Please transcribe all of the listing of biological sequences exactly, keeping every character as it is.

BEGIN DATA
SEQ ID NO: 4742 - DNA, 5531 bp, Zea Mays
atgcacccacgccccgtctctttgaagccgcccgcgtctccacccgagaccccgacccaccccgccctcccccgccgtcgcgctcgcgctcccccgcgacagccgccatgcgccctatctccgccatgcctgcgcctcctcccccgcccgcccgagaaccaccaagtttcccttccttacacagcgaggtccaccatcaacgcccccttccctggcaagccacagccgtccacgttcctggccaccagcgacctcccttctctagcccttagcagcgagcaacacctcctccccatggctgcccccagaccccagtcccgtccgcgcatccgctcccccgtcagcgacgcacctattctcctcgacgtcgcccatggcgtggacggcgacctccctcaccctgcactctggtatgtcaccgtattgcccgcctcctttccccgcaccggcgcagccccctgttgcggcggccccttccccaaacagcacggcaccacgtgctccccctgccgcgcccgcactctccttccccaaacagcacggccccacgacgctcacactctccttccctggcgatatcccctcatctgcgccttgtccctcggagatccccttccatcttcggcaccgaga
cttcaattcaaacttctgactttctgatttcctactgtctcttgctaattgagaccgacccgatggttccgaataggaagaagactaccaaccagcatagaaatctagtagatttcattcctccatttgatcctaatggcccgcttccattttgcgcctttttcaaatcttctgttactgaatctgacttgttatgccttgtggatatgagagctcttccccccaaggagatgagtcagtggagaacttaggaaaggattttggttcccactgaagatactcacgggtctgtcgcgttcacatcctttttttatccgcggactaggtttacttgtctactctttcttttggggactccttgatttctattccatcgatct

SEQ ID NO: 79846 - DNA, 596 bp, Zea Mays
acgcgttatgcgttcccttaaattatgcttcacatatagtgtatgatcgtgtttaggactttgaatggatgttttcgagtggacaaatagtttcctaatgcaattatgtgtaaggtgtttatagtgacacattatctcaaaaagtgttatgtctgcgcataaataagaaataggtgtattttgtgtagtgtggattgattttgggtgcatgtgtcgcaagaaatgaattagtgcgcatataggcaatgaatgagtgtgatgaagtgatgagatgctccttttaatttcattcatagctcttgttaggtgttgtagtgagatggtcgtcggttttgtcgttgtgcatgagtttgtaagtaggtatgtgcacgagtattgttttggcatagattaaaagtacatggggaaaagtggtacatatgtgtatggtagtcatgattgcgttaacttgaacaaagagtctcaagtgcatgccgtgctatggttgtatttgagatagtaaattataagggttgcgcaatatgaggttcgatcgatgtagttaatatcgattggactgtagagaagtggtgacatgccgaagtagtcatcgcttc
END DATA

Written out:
SEQ ID NO: 4742 - DNA, 5531 bp, Zea Mays
atgcacccacgccccgtctctttgaagccgcccgcgtctccacccgagaccccgacccaccccgccctcccccgccgtcgcgctcgcgctcccccgcgacagccgccatgcgccctatctccgccatgcctgcgcctcctcccccgcccgcccgagaaccaccaagtttcccttccttacacagcgaggtccaccatcaacgcccccttccctggcaagccacagccgtccacgttcctggccaccagcgacctcccttctctagcccttagcagcgagcaacacctcctccccatggctgcccccagaccccagtcccgtccgcgcatccgctcccccgtcagcgacgcacctattctcctcgacgtcgcccatggcgtggacggcgacctccctcaccctgcactctggtatgtcaccgtattgcccgcctcctttccccgcaccggcgcagccccctgttgcggcggccccttccccaaacagcacggcaccacgtgctccccctgccgcgcccgcactctccttccccaaacagcacggccccacgacgctcacactctccttccctggcgatatcccctcatctgcgccttgtccctcggagatccccttccatcttcggcaccgaga
cttcaattcaaacttctgactttctgatttcctactgtctcttgctaattgagaccgacccgatggttccgaataggaagaagactaccaaccagcatagaaatctagtagatttcattcctccatttgatcctaatggcccgcttccattttgcgcctttttcaaatcttctgttactgaatctgacttgttatgccttgtggatatgagagctcttccccccaaggagatgagtcagtggagaacttaggaaaggattttggttcccactgaagatactcacgggtctgtcgcgttcacatcctttttttatccgcggactaggtttacttgtctactctttcttttggggactccttgatttctattccatcgatct

SEQ ID NO: 79846 - DNA, 596 bp, Zea Mays
acgcgttatgcgttcccttaaattatgcttcacatatagtgtatgatcgtgtttaggactttgaatggatgttttcgagtggacaaatagtttcctaatgcaattatgtgtaaggtgtttatagtgacacattatctcaaaaagtgttatgtctgcgcataaataagaaataggtgtattttgtgtagtgtggattgattttgggtgcatgtgtcgcaagaaatgaattagtgcgcatataggcaatgaatgagtgtgatgaagtgatgagatgctccttttaatttcattcatagctcttgttaggtgttgtagtgagatggtcgtcggttttgtcgttgtgcatgagtttgtaagtaggtatgtgcacgagtattgttttggcatagattaaaagtacatggggaaaagtggtacatatgtgtatggtagtcatgattgcgttaacttgaacaaagagtctcaagtgcatgccgtgctatggttgtatttgagatagtaaattataagggttgcgcaatatgaggttcgatcgatgtagttaatatcgattggactgtagagaagtggtgacatgccgaagtagtcatcgcttc